As I accrue more seniority, I'll be able to have more control over where and when I fly.

Q: What's the pay like?
A: I'll be honest, I took a pay cut to take this job. As with any career, when you first start out you aren't making as much as you will be five years down the road. For me, the difference in pay is made up for by the value of the benefits I receive- travel privileges, consistent and comprehensive health insurance, dental, and vision. I also just absolutely LOVE this job, so that alone makes it worthwhile for me. As a reserve FA, I'm guaranteed X number of paid flight hours a month. If I fly more than X, then I'm paid for more. If I fly less than X, I'm still paid for that minimum X number.

Q: What's training like?
A: Training varies from airline to airline. The FAA requires you to learn certain things and to spend a certain number of hours in training, but beyond that it's up to the company to determine what they want their training program to look like. I can really only speak to the training process of the airline I work for, since that's the only one I've gone through. We train at the company's HQ for a six week period, and it's incredibly intense. You'll learn the details of every aircraft you'll be qualified to work on, what to do in every possible emergency situation, and so much more. My personal favorites were self defense, fire fighting, CPR, and water evacuations. You take tests every few days, and anything below 90% is considered to be failing. You can retake a handful of tests (2-3), but if you mess up again you're removed from training. In our training we're housed and fed for those six weeks, which is great. Some programs have paid training, other don't.

Q: Do you have to live in the city you're based in?
A: Most companies allow you to commute from where you live to the place where you're based. I still live in Vermont, but for the times when I'm on call, I have an apartment where I stay in Philadelphia. That's a big part of why I work for the airline that I do- I wanted to be able to easily commute to work and I was THRILLED when I was assigned to Philly because it's such a short flight home to VT.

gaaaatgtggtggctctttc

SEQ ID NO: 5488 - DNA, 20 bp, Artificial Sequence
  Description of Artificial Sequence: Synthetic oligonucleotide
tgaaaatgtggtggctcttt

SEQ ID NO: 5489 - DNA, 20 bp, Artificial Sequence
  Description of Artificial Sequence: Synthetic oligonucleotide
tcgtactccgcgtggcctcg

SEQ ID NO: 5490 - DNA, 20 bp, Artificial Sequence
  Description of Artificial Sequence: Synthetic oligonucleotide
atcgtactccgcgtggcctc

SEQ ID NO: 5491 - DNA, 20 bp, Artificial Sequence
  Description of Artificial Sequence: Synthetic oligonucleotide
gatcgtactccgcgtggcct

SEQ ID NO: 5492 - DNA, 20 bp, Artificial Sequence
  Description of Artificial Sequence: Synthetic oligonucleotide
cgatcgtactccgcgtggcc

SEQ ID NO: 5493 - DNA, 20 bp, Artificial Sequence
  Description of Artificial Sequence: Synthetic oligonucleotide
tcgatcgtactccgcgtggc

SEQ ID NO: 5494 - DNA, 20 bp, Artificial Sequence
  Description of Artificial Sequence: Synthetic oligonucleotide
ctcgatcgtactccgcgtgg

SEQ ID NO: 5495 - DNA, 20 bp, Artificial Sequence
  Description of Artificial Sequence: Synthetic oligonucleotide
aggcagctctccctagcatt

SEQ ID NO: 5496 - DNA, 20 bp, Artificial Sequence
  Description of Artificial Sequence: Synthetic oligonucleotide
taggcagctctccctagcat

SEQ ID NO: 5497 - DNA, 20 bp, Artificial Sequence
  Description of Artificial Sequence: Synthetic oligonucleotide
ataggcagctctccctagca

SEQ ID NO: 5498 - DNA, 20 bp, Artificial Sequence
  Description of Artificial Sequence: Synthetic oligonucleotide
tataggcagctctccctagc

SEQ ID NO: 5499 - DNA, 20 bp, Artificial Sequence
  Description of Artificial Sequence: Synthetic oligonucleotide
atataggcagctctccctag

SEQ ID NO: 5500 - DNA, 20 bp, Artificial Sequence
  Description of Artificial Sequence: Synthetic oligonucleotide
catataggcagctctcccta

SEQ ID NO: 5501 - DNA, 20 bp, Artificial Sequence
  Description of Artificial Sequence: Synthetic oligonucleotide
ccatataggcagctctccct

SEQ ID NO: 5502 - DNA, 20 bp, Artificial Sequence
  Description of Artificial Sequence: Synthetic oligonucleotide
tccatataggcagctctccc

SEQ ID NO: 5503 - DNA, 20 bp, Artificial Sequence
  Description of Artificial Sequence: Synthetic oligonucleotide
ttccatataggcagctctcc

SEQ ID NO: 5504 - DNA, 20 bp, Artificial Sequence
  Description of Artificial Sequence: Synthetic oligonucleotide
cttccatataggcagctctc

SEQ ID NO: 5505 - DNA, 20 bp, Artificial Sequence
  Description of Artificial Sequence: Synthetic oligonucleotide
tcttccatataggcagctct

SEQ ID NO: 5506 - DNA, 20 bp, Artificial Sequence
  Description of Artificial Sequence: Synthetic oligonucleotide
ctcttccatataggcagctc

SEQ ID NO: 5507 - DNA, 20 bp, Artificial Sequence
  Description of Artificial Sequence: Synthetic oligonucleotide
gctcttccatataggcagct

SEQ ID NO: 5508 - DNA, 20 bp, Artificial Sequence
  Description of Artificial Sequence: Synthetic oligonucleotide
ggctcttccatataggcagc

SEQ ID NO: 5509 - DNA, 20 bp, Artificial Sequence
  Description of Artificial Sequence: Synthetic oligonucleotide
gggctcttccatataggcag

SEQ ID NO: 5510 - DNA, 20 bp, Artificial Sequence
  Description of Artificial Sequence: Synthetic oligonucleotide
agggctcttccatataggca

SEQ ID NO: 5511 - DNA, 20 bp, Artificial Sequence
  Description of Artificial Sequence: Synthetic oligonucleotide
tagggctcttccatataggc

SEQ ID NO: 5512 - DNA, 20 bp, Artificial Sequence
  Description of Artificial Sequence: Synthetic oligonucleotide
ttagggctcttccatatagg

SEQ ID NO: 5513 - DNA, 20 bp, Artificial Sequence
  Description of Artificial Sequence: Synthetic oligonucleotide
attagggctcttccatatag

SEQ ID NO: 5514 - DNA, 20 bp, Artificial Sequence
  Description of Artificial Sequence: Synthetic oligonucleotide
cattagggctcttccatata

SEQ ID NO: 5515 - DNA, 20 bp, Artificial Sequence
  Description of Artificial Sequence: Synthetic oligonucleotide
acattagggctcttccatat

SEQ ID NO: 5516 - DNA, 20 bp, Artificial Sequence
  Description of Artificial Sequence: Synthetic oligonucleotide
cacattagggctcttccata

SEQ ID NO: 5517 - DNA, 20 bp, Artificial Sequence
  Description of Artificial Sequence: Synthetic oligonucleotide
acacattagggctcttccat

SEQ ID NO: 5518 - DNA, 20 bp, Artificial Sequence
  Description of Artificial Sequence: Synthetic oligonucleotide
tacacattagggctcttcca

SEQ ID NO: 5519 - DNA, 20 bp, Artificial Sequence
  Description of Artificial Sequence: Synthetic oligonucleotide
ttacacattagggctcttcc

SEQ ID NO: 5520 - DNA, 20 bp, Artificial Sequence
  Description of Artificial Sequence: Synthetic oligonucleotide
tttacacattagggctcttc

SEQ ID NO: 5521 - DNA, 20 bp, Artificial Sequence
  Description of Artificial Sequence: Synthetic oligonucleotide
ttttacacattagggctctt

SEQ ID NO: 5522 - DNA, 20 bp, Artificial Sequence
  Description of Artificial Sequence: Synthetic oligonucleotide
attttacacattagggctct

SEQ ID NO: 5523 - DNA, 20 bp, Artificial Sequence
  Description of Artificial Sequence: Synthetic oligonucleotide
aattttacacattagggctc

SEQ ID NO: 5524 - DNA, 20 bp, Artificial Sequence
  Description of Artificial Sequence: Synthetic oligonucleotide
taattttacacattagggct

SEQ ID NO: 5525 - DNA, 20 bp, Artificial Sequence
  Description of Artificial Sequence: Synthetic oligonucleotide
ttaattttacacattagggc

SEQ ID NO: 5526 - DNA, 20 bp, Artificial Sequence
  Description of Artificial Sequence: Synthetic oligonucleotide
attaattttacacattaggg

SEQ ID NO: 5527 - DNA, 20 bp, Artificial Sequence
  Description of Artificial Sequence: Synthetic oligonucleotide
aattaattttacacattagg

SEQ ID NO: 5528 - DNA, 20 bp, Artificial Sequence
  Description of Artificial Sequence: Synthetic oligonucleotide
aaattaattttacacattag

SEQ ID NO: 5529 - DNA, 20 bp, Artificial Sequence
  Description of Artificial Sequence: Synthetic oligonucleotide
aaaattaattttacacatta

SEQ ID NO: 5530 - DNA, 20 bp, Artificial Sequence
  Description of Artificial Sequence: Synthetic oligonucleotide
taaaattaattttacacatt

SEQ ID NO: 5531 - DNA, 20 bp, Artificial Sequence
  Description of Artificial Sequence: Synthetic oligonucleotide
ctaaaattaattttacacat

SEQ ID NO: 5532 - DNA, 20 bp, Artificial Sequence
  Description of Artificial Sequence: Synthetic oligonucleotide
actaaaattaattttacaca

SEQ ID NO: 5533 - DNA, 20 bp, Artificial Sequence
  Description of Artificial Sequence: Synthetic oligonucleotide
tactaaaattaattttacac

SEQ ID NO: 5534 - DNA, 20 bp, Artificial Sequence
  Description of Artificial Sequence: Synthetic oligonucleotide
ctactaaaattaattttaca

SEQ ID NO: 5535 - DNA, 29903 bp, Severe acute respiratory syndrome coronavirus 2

Q: Was it difficult to get used to working in a plane?
A; I grew up traveling and spent a LOT of time up in the air, so I have always been pretty used to flying. I recently realized just how comfortable I am on planes now- it really is just another day at the office.

Q: Does the airline pay for your accommodations while you're working?
A: Yes. The airline I work for provides a hotel and transportation from the airport and back. That's pretty standard. We all have our own rooms while we're on a layover.

Q: Do you like it? Is it worth it?
A: OH HECK YES. This is the most fun job I have ever had. It can be hard (you know, like when a passenger projectile vomits or you're working five legs a day or you have a plane full of cranky people), but for every rough moment there are ten wonderful moments. Getting to explore cities and countries I've never been to before, getting to meet WONDERFUL people (passengers and crew alike), and getting to see friends and family all over the country... it's wonderful and totally totally worth all of the hard parts.

Do you have other questions you're wondering about? Feel free to email me at

No comments